WAILUA — As Beth Harrison flips through the pages of her scrapbook, she often smiles. She laughs, too, at some of the pictures of people who were part of her life three decades ago.
These were, clearly, good times for Harrison, and the memories remain not just in her mind, but her heart.
When asked what she treasures most about being there from the very start of Kinipopo Shopping Village and its grand opening in 1986, and still the owner today, she smiles again.
“The personal relationships,” Harrison said. “I enjoyed that the most, meeting so many people. Just good, good people.”
The energetic and outgoing 71-year-old is back on Kauai and will be at that shopping center that was land with business potential when she and her husband Phil Harrison purchased it nearly 50 years ago from his father, Robert Harrison.
“We bought it with the intent of actually building a shopping center there when we could gain enough money. That’s a major investment. We were young,” Beth Harrison said.
The first businesses on the property were Vic The Barber (Vic DeAnda), the Wailua General Store run by Larry Gates, and Kinipopo Mini Golf. The nine-hole course was open about five years.
“It was a beautiful little course,” she said.
When it became a shopping center, the original lineup included Kinipopo Pizza; First Choice Realty; Goldsmith’s Gallery;, Village Variety Store;, Barbie and Ken’s World of Hawaiian Wear; Wailua Surf and Beachwear; Kristopher-Dion Inc., a gold and seashell jewelry store; Bachman’s, which offered gifts and fashion; Chopstix Chinese Restaurant; Toucan’s; Mail Service Center and Kinipopo Country Store.
The original concept was to have a shopping center with all Kauai products.
Over the years, businesses came and went. There were ups and downs, mostly ups, as the shopping center proved popular. Kinipopo, which means “small ball” or “on the ball,” survived Iniki with minor damage.
“Goldsmith’s Gallery is the only business left from the initial group, but we have had many wonderful tenants through the years,” Beth Harrison said.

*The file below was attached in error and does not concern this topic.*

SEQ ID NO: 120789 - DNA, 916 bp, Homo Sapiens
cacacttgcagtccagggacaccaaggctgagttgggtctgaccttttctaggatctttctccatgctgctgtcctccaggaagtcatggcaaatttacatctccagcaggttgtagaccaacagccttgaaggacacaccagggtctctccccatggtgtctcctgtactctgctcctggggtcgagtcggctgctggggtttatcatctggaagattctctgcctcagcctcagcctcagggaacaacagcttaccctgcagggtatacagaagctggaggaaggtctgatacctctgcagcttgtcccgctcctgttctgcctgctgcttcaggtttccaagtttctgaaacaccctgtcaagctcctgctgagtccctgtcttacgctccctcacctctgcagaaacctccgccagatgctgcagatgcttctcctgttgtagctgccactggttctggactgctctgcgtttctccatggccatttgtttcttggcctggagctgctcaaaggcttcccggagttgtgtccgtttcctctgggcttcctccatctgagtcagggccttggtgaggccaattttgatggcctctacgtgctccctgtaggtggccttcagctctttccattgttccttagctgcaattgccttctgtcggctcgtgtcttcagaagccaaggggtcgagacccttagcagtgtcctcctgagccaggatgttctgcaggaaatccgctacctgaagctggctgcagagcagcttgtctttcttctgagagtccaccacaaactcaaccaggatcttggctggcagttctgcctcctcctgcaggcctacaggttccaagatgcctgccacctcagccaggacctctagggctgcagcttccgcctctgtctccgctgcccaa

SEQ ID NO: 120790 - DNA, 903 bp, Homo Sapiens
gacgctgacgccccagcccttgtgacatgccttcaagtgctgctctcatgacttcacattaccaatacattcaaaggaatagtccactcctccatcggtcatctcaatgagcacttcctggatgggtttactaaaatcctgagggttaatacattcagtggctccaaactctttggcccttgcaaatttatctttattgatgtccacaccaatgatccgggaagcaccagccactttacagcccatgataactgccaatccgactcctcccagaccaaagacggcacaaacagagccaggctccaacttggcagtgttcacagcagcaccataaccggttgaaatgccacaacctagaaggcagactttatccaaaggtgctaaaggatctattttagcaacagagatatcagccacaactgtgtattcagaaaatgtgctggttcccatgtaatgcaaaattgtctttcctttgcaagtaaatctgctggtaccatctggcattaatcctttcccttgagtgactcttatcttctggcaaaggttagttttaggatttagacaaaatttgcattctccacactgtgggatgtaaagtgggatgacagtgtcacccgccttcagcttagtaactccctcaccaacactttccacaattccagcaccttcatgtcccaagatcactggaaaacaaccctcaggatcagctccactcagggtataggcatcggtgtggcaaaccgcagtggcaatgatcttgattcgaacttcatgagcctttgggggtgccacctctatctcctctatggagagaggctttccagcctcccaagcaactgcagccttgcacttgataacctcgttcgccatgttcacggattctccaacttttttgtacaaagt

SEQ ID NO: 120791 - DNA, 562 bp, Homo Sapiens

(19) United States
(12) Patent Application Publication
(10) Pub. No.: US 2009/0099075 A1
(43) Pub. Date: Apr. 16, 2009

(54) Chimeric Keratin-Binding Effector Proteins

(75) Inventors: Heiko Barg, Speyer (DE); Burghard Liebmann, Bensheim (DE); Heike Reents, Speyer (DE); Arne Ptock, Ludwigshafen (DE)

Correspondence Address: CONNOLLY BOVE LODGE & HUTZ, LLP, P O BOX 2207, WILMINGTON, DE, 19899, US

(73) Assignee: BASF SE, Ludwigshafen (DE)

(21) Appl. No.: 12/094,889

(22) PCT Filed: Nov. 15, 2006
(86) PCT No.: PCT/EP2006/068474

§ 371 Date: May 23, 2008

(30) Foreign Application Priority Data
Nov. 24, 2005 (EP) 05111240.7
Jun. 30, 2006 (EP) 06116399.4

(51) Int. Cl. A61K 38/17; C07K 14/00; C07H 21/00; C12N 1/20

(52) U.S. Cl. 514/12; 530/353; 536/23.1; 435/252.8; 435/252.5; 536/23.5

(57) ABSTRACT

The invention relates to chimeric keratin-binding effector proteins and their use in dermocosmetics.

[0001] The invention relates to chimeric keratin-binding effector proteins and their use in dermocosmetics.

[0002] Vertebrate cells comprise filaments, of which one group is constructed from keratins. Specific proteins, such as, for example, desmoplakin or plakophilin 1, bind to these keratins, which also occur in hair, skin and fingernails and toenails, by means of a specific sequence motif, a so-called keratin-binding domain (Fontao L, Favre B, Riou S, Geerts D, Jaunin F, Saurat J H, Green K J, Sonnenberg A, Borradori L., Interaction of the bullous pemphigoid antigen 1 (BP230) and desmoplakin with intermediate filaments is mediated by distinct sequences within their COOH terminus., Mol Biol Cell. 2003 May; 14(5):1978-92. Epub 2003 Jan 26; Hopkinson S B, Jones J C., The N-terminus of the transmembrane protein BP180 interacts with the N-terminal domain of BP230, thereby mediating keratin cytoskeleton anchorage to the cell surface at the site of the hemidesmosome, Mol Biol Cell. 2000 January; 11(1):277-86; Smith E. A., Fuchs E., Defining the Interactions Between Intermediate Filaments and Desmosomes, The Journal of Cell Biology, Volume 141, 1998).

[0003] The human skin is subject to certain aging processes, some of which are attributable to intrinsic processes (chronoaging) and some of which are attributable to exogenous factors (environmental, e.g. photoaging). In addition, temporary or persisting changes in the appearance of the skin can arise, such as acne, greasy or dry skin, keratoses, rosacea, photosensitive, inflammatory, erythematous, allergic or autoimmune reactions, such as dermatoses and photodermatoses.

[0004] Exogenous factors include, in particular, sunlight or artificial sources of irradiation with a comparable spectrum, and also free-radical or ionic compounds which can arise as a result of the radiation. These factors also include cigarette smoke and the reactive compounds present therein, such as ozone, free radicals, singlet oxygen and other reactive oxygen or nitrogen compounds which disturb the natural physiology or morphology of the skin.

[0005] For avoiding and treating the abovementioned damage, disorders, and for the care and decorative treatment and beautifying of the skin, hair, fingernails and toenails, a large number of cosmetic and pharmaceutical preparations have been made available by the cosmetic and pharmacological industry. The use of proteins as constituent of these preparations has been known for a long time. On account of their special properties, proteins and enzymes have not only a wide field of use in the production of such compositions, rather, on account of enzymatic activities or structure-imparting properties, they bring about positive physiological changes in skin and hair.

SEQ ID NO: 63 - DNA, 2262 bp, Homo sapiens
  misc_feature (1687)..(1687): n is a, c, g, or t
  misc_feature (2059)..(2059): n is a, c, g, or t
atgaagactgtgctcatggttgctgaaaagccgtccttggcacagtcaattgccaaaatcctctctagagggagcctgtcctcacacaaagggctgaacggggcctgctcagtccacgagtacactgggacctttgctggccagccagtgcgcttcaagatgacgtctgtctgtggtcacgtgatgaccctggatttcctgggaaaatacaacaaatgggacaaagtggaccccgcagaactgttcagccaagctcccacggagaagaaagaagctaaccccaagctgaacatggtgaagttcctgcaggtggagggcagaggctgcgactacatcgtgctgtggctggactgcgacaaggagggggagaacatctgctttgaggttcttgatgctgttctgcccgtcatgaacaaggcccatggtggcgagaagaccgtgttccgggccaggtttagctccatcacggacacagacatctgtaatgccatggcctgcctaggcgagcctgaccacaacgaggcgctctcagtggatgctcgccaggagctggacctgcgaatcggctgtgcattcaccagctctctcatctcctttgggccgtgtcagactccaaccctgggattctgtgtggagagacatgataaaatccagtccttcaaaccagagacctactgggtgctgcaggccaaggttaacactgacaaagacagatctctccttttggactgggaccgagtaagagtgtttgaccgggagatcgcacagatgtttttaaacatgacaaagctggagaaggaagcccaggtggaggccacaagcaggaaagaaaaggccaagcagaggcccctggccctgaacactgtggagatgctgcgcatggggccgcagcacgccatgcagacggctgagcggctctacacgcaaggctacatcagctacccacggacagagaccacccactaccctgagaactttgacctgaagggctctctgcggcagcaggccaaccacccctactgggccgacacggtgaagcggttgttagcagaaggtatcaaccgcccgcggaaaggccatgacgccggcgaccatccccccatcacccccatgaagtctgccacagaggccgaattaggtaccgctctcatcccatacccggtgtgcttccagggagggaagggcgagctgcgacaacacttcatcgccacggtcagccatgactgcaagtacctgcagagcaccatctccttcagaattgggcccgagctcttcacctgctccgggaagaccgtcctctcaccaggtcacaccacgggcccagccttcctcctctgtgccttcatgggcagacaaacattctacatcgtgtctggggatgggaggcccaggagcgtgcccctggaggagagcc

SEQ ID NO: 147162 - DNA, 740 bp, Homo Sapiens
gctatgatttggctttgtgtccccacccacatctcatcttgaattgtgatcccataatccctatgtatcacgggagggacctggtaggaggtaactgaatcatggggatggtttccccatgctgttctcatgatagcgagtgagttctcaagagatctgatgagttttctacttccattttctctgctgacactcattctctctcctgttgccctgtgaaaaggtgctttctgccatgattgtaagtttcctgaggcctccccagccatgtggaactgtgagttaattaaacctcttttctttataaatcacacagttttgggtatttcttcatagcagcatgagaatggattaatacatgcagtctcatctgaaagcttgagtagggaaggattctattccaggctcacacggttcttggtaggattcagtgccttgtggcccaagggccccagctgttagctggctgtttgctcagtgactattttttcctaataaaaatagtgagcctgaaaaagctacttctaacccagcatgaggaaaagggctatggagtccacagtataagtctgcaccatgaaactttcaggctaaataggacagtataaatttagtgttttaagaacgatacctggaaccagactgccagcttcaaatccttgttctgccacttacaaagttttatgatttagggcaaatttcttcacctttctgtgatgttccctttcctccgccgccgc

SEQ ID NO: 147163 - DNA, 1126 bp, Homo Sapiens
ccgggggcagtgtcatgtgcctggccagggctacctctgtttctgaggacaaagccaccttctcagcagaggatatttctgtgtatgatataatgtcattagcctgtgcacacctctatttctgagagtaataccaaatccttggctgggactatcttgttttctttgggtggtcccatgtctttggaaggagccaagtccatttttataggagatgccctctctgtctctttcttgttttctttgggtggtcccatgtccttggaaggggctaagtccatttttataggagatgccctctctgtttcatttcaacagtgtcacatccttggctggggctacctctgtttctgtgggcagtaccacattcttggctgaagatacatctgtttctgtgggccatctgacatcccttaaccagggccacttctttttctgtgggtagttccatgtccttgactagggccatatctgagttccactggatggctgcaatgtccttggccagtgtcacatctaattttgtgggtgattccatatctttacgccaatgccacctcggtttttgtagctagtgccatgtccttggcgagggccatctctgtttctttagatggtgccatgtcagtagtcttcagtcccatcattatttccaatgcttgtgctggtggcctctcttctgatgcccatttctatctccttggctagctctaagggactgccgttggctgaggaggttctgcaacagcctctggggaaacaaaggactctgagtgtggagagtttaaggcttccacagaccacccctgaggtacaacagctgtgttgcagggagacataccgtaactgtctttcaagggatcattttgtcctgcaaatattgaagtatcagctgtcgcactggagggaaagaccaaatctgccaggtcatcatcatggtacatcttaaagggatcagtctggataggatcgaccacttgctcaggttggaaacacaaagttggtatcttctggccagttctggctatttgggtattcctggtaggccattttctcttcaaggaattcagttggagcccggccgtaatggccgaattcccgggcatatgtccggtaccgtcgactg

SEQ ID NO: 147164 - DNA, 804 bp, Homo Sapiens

Today, it’s a hub of thriving shops and eateries at 4356 Kuhio Highway, and is celebrating its 30th anniversary from 10 a.m. to 2 p.m. with music, hula, food and prizes.
Beth Harrison credits her late husband, who passed away at age 68 in 2011, for the success of the shopping center. He had a degree in political science and a brief career in education before going into real estate in Lawrence, Kansas, where the Harrisons lived.
The Harrisons were married 43 years.
Phil Harrison was personable and offered a big smile. He was known as a fair and smart businessman with a knack for striking friendships.
“He became quite a good Realtor and was an excellent salesman,” Beth said. “My husband used to say, ‘I reserve the right to work with people whom I find pleasant.’”
There were just a few businesses in the area when Kinipopo opened, with Coco Palms still going strong just down the highway.
“At that point there were just strip malls along Kuhio Highway, so this could provide better visibility,” Beth Harrison said.
Phil and Beth Harrison traveled from Kansas a few times a year to check on the shopping village and enjoy life on Kauai. Even after Phil’s death, Beth continues to visit often, and will be greeting people today at the anniversary celebration.
Businesses at Kinipopo include: Korean Bar-B-Q, Mr. and Mrs. Gun-Soon Lee, proprietors; Monico’s Taqueria, Monico and Kathleen Hernandez-Martinez, proprietors; Goldsmiths Kauai, Dana Romsdal and Mark Maedor, proprietors; Passion Bakery Cafe, Michael Sterioff and Magda Latif-Sterioff proprietors; Haole Girl Sweets, Judith Capertina proprietor; Kauai Landmark Realty, Phil and Larry Fudge proprietors; Sacred Waters Healing Arts, Shakira Freeman proprietor; and Old Republic Title Company.
“The courtyard is still so pretty,” Beth Harrison said. “We tried to make it look good from the road because a lot of shopping centers looked like forts, so they didn’t beckon you in. We wanted to make sure it looked nice.”
She encourages people to stop by, say hello and visit the businesses there. She boasts about Monico’s Taqueria.
“I think it’s the best Mexican food, but I may be prejudiced,” she said, laughing.